Through April 4 we have received 2021 dues from 68 of the 599 houses listed in RCHCA Directory. That represents a response rate of a bit under 12%.
First of all, thanks very much to those who have responded with support thus far, and especially to those of you who chipped in more than the standard $40 membership dues. Those contributions are very much appreciated.
[NOTE: In case you’re wondering how to pay your annual $40 per household dues, we’ve made it easy. You can pay online at https://rchca.org/, click on the PAY NOW link. You also can mail or drop off a check for $40 (or more) payable to RCHCA, attention Treasurer John Robinson, 9616 Old Spring Road Kensington, MD 20895.]
To the remainder of the community, I ask that you seriously consider contributing now, as the requested funds are needed for the Board to fulfill its obligations to the community, including maintain our neighborhood webpage, publishing updated neighborhood directories, maintaining public areas, planning and funding community events that we hope to be able to schedule again soon, and paying costs that occasionally become necessary to seek and receive counsel and/or legal representation about when and how the Board should fulfill its legal obligation to enforce lawful covenants that help preserve the quiet, park-like atmosphere of our neighborhood and balance the contractual rights, obligations, and expectations of community members with regard to sometimes conflicting views and concerns about neighborhood land use.
On the subject of covenants, I am very much pleased to report that substantial progress has recently been made on our community’s long-standing effort to find a workable way to officially strike the unlawfully discriminatory covenants that have plagued our neighborhood over past decades. Working directly with the Office of the Maryland Attorney General and the Clerk of Land Records at the Montgomery County Circuit Court, we have succeeded in developing an officially approved model for how to implement the change in Maryland law that went into effect on October 20, 2020. The approved approach now makes removal of such covenants practical to achieve, if still not a simple to implement.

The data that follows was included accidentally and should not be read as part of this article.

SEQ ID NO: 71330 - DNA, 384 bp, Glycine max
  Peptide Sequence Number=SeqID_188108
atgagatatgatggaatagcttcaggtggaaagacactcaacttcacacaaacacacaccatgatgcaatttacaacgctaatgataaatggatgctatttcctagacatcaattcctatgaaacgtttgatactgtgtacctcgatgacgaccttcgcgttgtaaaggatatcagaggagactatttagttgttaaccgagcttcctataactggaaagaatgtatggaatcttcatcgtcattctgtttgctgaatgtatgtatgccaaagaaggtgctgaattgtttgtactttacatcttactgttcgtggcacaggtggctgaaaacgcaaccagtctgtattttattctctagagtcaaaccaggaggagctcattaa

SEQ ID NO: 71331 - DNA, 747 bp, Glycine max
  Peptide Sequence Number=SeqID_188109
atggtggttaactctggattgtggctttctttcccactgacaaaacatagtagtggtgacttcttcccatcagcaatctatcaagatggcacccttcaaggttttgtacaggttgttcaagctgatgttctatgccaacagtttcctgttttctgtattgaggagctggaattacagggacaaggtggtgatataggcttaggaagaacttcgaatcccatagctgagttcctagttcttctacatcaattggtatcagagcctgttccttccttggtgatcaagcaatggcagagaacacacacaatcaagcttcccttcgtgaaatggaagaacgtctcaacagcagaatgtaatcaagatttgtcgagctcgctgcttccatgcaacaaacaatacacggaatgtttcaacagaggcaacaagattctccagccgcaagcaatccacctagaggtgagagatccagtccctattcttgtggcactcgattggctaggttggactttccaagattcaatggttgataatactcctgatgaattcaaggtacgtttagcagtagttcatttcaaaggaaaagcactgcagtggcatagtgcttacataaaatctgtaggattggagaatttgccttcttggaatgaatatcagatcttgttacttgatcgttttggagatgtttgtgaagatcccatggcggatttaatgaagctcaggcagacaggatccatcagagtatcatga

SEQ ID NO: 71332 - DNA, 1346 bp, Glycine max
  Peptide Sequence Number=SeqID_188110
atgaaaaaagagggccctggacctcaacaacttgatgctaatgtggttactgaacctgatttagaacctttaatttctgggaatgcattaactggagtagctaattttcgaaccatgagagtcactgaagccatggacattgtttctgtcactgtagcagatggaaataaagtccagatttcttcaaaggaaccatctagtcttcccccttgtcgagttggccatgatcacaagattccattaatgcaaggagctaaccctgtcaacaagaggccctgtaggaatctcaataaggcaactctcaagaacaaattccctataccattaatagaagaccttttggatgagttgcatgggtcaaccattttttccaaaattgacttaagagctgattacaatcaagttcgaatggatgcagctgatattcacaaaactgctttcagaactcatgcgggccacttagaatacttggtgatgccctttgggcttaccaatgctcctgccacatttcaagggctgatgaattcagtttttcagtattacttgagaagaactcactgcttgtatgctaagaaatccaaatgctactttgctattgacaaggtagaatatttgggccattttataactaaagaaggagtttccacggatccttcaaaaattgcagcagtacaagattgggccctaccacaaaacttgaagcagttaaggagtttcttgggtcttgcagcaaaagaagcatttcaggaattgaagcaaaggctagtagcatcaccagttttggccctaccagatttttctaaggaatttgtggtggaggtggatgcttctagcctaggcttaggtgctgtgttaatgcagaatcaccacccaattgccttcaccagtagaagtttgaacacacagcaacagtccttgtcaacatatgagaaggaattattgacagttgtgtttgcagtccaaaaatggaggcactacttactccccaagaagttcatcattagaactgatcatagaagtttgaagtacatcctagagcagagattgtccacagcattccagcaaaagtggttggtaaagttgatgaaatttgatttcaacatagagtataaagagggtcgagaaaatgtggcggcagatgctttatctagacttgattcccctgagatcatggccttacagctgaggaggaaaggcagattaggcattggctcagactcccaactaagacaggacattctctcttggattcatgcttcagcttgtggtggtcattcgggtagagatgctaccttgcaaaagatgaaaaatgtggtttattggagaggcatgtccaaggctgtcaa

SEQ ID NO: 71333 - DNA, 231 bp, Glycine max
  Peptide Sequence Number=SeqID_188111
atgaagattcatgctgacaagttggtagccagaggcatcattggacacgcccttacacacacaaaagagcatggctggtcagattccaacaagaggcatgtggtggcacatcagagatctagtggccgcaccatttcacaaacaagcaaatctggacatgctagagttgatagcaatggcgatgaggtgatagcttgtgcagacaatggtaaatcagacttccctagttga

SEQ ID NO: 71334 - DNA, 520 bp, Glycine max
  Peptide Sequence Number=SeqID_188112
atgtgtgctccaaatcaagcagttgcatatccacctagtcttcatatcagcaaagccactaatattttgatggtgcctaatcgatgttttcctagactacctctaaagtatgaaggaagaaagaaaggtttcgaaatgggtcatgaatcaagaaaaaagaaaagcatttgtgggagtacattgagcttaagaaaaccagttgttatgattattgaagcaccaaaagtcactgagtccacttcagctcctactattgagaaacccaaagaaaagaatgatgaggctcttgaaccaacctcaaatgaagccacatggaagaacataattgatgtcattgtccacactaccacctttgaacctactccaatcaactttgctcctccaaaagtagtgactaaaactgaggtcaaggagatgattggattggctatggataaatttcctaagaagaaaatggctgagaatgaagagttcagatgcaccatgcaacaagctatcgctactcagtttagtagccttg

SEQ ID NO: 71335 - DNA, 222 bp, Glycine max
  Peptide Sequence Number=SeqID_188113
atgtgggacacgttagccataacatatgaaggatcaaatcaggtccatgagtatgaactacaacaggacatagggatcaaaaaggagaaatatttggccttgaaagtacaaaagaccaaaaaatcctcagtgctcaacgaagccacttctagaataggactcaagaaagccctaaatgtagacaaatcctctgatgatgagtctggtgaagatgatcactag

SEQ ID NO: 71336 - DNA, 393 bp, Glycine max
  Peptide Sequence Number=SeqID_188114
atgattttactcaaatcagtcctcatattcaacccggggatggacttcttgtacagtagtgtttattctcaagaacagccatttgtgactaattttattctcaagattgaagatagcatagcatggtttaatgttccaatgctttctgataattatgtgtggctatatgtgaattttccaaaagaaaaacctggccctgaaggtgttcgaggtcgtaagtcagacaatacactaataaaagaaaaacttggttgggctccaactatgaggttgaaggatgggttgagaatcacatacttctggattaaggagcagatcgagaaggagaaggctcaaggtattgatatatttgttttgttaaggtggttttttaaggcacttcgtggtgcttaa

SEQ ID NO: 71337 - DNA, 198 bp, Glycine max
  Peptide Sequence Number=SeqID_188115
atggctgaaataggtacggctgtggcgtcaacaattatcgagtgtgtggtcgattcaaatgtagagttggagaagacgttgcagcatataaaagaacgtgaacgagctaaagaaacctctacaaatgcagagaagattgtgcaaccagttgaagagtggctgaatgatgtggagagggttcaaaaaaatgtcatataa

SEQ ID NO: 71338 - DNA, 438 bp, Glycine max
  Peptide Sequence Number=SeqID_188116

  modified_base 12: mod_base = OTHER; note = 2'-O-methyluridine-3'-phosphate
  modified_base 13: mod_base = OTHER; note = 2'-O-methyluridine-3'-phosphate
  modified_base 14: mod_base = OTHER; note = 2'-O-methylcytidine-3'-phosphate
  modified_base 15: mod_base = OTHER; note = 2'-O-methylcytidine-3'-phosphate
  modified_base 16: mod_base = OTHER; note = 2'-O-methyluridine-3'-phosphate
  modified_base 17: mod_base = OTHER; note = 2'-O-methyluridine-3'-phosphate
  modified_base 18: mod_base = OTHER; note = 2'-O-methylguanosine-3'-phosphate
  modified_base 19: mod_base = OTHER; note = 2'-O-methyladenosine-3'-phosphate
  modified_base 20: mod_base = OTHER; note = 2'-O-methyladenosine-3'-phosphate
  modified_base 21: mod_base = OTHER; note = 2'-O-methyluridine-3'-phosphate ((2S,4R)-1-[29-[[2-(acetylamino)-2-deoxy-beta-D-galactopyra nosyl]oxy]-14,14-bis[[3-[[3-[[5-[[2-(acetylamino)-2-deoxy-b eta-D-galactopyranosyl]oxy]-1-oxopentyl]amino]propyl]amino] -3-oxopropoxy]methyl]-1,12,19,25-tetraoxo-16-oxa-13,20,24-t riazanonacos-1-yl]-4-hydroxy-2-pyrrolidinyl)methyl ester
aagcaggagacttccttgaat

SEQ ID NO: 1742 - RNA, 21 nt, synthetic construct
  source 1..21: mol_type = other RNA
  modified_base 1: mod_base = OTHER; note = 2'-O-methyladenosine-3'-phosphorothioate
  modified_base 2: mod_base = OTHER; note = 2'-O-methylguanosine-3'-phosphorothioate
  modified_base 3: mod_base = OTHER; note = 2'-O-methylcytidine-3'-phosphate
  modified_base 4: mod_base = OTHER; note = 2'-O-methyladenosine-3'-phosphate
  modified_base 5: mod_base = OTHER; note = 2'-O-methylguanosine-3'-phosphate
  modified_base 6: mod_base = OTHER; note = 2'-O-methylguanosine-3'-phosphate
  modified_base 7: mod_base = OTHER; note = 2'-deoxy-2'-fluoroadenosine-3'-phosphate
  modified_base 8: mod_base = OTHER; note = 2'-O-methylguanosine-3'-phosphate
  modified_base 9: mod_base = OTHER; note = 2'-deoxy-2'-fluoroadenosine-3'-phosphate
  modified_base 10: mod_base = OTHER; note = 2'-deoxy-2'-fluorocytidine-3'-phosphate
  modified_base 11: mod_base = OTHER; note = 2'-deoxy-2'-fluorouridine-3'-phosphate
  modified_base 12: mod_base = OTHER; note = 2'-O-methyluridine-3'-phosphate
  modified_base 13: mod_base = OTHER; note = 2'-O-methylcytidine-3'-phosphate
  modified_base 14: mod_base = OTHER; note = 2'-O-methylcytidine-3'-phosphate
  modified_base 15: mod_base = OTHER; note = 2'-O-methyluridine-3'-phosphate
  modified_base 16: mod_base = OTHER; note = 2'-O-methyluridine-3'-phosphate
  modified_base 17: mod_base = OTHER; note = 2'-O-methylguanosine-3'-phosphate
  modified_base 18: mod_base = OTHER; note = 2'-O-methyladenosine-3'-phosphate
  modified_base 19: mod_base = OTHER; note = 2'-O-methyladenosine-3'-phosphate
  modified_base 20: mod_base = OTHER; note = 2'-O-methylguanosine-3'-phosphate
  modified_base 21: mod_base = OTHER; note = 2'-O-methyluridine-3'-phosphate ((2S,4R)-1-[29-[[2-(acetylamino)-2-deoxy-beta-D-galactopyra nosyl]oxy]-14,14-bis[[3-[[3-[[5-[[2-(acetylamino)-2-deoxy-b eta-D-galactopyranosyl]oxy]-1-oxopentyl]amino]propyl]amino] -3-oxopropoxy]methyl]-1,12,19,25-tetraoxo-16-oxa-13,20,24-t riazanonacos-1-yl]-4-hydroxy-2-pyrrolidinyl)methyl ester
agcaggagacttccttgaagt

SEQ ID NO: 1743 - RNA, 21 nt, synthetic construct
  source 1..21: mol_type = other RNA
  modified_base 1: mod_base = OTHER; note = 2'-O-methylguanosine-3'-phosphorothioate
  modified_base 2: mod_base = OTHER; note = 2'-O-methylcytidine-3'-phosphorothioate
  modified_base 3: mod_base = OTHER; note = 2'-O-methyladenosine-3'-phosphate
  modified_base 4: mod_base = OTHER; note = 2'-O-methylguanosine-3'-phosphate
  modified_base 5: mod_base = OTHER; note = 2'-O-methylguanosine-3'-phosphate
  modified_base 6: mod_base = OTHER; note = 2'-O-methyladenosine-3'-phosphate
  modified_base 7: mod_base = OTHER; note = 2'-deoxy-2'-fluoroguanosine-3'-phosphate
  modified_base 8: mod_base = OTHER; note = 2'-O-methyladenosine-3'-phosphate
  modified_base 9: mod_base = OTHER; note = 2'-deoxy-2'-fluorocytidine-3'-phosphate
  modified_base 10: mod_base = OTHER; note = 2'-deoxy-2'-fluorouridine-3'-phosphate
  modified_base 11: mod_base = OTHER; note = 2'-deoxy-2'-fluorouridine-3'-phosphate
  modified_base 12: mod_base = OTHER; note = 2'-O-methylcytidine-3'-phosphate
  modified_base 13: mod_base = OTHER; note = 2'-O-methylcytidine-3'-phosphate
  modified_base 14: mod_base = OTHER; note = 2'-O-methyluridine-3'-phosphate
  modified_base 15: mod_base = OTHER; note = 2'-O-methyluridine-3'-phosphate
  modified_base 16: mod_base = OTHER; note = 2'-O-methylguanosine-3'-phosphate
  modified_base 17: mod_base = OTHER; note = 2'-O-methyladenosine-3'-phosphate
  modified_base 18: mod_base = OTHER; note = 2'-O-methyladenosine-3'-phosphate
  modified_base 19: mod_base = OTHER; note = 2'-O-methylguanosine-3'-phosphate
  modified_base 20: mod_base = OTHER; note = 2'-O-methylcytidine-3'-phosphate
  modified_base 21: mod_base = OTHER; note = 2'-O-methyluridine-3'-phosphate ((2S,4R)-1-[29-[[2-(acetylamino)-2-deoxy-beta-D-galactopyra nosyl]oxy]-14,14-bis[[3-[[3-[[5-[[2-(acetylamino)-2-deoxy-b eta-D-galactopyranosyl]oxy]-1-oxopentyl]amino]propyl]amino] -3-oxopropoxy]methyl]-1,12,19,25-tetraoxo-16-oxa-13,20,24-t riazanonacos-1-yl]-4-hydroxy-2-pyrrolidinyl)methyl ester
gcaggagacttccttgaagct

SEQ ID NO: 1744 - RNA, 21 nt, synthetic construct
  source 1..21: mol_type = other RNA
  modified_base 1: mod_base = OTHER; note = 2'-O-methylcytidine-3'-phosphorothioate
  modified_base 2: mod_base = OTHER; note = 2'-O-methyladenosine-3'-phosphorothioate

Members of our community are currently collecting the information we need to collect and compile in order to adequately direct the Clerk of Land Records to each and every property that is affected by each of the fourteen different versions of covenants that exist in Rock Creek Hills so that the discriminatory language can be struck from each such set of covenants and properly recorded as such in the County’s land records.
An especially gratifying aspect of the effort is that our neighborhood has taken what has turned out to be the leading role in achieving that goal and is thus blazing a trail that other communities — community leaders — are now asking us how to duplicate.
Thanks in advance for your continued support of our efforts.